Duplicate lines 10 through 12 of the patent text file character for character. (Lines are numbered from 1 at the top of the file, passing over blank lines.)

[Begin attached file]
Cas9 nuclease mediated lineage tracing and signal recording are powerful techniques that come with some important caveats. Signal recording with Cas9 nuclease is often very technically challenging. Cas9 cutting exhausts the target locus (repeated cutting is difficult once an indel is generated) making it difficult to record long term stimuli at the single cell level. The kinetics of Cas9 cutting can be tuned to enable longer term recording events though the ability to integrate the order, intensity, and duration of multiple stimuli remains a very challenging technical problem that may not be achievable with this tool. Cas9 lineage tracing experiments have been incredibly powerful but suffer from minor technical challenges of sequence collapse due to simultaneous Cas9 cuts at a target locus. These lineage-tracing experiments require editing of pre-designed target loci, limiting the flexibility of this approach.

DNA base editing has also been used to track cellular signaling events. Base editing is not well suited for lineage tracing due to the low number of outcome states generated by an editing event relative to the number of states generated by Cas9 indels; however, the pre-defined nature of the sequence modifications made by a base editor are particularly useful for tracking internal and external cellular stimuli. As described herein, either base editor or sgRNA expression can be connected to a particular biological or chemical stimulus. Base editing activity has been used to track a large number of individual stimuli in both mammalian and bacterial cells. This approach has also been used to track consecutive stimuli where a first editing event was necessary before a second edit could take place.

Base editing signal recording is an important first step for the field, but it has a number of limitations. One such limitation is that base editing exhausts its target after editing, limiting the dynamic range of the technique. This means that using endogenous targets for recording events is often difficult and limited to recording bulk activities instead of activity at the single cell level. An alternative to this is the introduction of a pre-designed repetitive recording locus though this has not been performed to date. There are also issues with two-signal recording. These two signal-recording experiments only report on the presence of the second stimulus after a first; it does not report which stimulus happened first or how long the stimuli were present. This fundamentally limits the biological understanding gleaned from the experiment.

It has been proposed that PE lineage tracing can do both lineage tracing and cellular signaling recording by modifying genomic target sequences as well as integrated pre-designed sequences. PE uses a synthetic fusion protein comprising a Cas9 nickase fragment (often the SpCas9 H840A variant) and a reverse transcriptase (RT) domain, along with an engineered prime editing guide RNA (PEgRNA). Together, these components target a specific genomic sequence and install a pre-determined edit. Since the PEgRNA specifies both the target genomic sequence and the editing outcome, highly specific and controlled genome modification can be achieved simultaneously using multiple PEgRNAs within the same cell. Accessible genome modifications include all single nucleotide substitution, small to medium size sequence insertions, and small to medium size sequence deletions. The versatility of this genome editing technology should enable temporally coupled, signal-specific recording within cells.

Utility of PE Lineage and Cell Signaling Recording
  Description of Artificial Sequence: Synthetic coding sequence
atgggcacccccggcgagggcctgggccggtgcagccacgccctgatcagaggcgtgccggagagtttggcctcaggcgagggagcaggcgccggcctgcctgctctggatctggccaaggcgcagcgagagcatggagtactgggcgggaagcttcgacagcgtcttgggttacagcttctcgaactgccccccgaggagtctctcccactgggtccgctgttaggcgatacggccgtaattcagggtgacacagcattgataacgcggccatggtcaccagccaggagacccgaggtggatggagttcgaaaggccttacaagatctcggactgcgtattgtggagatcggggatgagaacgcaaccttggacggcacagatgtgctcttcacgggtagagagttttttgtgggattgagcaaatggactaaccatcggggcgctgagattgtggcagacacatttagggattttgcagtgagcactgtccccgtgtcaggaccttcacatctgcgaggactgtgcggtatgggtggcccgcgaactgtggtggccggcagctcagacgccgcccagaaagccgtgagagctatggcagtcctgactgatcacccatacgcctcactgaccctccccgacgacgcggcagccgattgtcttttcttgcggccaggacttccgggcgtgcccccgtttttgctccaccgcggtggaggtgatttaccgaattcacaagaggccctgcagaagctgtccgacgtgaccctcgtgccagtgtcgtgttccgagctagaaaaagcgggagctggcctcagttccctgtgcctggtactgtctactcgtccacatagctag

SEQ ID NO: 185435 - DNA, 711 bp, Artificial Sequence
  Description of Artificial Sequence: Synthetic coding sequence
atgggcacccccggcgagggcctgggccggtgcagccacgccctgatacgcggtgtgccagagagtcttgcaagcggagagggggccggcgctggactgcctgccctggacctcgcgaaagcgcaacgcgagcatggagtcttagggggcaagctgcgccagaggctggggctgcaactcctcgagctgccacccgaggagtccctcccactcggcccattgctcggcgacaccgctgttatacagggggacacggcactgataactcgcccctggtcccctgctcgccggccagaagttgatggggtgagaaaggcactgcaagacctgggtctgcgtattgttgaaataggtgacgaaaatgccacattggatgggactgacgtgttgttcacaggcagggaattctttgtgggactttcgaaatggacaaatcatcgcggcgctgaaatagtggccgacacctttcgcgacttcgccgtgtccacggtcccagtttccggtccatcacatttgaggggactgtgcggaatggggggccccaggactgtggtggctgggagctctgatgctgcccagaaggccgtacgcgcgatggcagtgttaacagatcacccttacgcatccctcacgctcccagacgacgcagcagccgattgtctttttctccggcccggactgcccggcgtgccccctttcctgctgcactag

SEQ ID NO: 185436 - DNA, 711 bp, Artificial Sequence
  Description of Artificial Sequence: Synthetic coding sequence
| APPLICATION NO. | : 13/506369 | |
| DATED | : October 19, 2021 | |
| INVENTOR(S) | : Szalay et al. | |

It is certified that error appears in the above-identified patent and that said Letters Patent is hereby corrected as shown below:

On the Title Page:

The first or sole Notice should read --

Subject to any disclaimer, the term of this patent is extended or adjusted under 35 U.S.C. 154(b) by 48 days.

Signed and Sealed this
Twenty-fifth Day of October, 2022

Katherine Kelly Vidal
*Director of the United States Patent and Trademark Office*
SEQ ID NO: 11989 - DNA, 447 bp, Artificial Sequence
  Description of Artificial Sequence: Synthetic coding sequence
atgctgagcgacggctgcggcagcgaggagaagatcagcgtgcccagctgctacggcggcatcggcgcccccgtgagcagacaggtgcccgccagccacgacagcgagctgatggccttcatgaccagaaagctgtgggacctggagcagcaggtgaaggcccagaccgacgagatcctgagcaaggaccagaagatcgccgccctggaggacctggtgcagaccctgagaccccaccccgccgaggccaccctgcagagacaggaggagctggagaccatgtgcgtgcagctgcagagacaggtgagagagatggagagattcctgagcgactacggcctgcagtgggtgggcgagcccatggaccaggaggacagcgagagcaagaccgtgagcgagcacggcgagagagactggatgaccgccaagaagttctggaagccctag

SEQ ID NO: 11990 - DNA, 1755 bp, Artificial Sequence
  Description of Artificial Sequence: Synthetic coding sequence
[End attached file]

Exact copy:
atgggcacccccggcgagggcctgggccggtgcagccacgccctgatacgcggtgtgccagagagtcttgcaagcggagagggggccggcgctggactgcctgccctggacctcgcgaaagcgcaacgcgagcatggagtcttagggggcaagctgcgccagaggctggggctgcaactcctcgagctgccacccgaggagtccctcccactcggcccattgctcggcgacaccgctgttatacagggggacacggcactgataactcgcccctggtcccctgctcgccggccagaagttgatggggtgagaaaggcactgcaagacctgggtctgcgtattgttgaaataggtgacgaaaatgccacattggatgggactgacgtgttgttcacaggcagggaattctttgtgggactttcgaaatggacaaatcatcgcggcgctgaaatagtggccgacacctttcgcgacttcgccgtgtccacggtcccagtttccggtccatcacatttgaggggactgtgcggaatggggggccccaggactgtggtggctgggagctctgatgctgcccagaaggccgtacgcgcgatggcagtgttaacagatcacccttacgcatccctcacgctcccagacgacgcagcagccgattgtctttttctccggcccggactgcccggcgtgccccctttcctgctgcactag

SEQ ID NO: 185436 - DNA, 711 bp, Artificial Sequence
  Description of Artificial Sequence: Synthetic coding sequence